Love Little House! :D <3

    I love Little House on the Prairie. Its a great show nd stuff, tho ive nvr read the books. Maybe i will. Ive nvr read this book either, tho i dont think i will. Anyway, love Little House. Its great!

    2 out of 3 people found this review helpful.

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  • Anonymous

    Posted June 1, 2012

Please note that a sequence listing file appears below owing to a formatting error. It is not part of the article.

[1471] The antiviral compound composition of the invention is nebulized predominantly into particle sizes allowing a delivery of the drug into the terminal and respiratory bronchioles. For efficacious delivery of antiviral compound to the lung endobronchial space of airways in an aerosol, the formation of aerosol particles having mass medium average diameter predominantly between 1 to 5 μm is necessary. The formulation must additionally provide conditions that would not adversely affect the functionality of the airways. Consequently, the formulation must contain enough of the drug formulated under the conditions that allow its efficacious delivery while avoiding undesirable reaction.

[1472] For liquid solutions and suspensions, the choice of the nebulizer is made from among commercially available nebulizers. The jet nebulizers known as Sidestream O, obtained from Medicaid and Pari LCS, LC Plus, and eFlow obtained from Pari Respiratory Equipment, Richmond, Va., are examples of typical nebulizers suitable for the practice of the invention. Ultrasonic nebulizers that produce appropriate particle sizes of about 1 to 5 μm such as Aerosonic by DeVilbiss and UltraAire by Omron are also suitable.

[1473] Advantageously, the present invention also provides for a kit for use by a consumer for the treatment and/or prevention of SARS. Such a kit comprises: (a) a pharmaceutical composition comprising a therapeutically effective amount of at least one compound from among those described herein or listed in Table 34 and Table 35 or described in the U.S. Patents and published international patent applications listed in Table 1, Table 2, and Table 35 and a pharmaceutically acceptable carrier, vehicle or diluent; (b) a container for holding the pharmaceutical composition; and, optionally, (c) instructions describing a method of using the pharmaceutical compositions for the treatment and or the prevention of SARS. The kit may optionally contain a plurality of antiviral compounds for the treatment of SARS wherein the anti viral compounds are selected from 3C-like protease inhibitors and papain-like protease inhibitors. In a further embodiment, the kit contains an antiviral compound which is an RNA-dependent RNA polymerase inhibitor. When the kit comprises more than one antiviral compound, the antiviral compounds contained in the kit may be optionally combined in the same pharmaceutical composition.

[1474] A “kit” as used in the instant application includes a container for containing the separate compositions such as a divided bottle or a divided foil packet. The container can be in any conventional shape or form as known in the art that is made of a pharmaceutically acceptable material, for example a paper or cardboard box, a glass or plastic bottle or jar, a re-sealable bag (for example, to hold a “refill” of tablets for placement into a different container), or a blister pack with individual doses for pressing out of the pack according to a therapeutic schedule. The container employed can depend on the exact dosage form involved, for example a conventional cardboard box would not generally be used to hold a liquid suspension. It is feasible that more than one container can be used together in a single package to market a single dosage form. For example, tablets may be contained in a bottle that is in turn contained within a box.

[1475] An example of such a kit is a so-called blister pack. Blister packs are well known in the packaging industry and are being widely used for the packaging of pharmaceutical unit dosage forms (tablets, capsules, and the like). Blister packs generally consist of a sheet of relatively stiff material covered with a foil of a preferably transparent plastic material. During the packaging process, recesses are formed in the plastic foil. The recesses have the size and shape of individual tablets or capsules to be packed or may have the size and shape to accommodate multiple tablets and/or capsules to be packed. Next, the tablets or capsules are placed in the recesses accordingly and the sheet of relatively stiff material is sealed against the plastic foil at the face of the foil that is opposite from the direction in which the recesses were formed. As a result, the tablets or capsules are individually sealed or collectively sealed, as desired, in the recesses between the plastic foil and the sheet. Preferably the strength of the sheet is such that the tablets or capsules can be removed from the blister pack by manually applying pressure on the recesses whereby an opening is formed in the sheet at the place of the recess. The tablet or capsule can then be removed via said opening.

Sample

    Dont get the sample they start the story and it is only 4 pages long......

    2 out of 7 people found this review helpful.

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  • Posted June 5, 2011

    Not bad

    2 out of 10 people found this review helpful.

    Was this review helpful? Yes  No   Report this review
See All Sort by: Showing 1 – 20 of 83 Customer Reviews